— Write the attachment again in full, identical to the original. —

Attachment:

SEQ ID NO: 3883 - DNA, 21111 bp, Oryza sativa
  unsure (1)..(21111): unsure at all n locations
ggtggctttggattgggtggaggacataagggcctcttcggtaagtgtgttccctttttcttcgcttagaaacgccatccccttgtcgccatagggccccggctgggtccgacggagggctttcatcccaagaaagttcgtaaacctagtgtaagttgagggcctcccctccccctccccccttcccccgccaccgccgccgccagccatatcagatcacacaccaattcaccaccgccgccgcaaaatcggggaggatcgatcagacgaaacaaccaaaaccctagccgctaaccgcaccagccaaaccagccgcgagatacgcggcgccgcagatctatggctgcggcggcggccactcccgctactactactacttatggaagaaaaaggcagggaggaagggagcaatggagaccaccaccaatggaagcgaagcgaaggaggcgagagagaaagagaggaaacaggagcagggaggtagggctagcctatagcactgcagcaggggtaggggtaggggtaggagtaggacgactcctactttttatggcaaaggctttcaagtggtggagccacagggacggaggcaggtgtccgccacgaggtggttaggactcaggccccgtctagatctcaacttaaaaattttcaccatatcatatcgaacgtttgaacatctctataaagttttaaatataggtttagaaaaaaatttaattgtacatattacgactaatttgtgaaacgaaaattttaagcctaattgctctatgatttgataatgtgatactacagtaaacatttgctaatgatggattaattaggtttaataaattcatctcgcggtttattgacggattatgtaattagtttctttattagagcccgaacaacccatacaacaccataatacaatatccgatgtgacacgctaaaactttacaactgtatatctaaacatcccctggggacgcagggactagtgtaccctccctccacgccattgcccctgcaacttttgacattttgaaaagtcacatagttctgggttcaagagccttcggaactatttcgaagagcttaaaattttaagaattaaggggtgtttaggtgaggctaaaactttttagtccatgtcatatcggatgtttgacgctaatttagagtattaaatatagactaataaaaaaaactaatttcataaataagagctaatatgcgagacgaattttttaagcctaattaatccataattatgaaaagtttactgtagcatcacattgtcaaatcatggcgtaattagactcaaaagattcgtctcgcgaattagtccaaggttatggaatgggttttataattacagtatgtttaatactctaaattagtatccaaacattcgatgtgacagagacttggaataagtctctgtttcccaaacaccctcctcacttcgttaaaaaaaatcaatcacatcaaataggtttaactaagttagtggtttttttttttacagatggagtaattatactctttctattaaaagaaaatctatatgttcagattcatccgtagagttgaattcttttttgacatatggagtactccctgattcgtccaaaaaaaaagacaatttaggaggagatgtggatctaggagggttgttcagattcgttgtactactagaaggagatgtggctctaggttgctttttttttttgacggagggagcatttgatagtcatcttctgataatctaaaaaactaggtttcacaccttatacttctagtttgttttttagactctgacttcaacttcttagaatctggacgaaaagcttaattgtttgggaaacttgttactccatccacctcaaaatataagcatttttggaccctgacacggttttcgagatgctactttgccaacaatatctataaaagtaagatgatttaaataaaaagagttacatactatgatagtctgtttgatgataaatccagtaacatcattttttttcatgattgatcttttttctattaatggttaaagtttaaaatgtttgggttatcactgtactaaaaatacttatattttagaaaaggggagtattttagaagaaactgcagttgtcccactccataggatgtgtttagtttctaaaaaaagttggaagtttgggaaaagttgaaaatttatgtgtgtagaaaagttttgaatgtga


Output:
SEQ ID NO: 3883 - DNA, 21111 bp, Oryza sativa
  unsure (1)..(21111): unsure at all n locations
ggtggctttggattgggtggaggacataagggcctcttcggtaagtgtgttccctttttcttcgcttagaaacgccatccccttgtcgccatagggccccggctgggtccgacggagggctttcatcccaagaaagttcgtaaacctagtgtaagttgagggcctcccctccccctccccccttcccccgccaccgccgccgccagccatatcagatcacacaccaattcaccaccgccgccgcaaaatcggggaggatcgatcagacgaaacaaccaaaaccctagccgctaaccgcaccagccaaaccagccgcgagatacgcggcgccgcagatctatggctgcggcggcggccactcccgctactactactacttatggaagaaaaaggcagggaggaagggagcaatggagaccaccaccaatggaagcgaagcgaaggaggcgagagagaaagagaggaaacaggagcagggaggtagggctagcctatagcactgcagcaggggtaggggtaggggtaggagtaggacgactcctactttttatggcaaaggctttcaagtggtggagccacagggacggaggcaggtgtccgccacgaggtggttaggactcaggccccgtctagatctcaacttaaaaattttcaccatatcatatcgaacgtttgaacatctctataaagttttaaatataggtttagaaaaaaatttaattgtacatattacgactaatttgtgaaacgaaaattttaagcctaattgctctatgatttgataatgtgatactacagtaaacatttgctaatgatggattaattaggtttaataaattcatctcgcggtttattgacggattatgtaattagtttctttattagagcccgaacaacccatacaacaccataatacaatatccgatgtgacacgctaaaactttacaactgtatatctaaacatcccctggggacgcagggactagtgtaccctccctccacgccattgcccctgcaacttttgacattttgaaaagtcacatagttctgggttcaagagccttcggaactatttcgaagagcttaaaattttaagaattaaggggtgtttaggtgaggctaaaactttttagtccatgtcatatcggatgtttgacgctaatttagagtattaaatatagactaataaaaaaaactaatttcataaataagagctaatatgcgagacgaattttttaagcctaattaatccataattatgaaaagtttactgtagcatcacattgtcaaatcatggcgtaattagactcaaaagattcgtctcgcgaattagtccaaggttatggaatgggttttataattacagtatgtttaatactctaaattagtatccaaacattcgatgtgacagagacttggaataagtctctgtttcccaaacaccctcctcacttcgttaaaaaaaatcaatcacatcaaataggtttaactaagttagtggtttttttttttacagatggagtaattatactctttctattaaaagaaaatctatatgttcagattcatccgtagagttgaattcttttttgacatatggagtactccctgattcgtccaaaaaaaaagacaatttaggaggagatgtggatctaggagggttgttcagattcgttgtactactagaaggagatgtggctctaggttgctttttttttttgacggagggagcatttgatagtcatcttctgataatctaaaaaactaggtttcacaccttatacttctagtttgttttttagactctgacttcaacttcttagaatctggacgaaaagcttaattgtttgggaaacttgttactccatccacctcaaaatataagcatttttggaccctgacacggttttcgagatgctactttgccaacaatatctataaaagtaagatgatttaaataaaaagagttacatactatgatagtctgtttgatgataaatccagtaacatcattttttttcatgattgatcttttttctattaatggttaaagtttaaaatgtttgggttatcactgtactaaaaatacttatattttagaaaaggggagtattttagaagaaactgcagttgtcccactccataggatgtgtttagtttctaaaaaaagttggaagtttgggaaaagttgaaaatttatgtgtgtagaaaagttttgaatgtga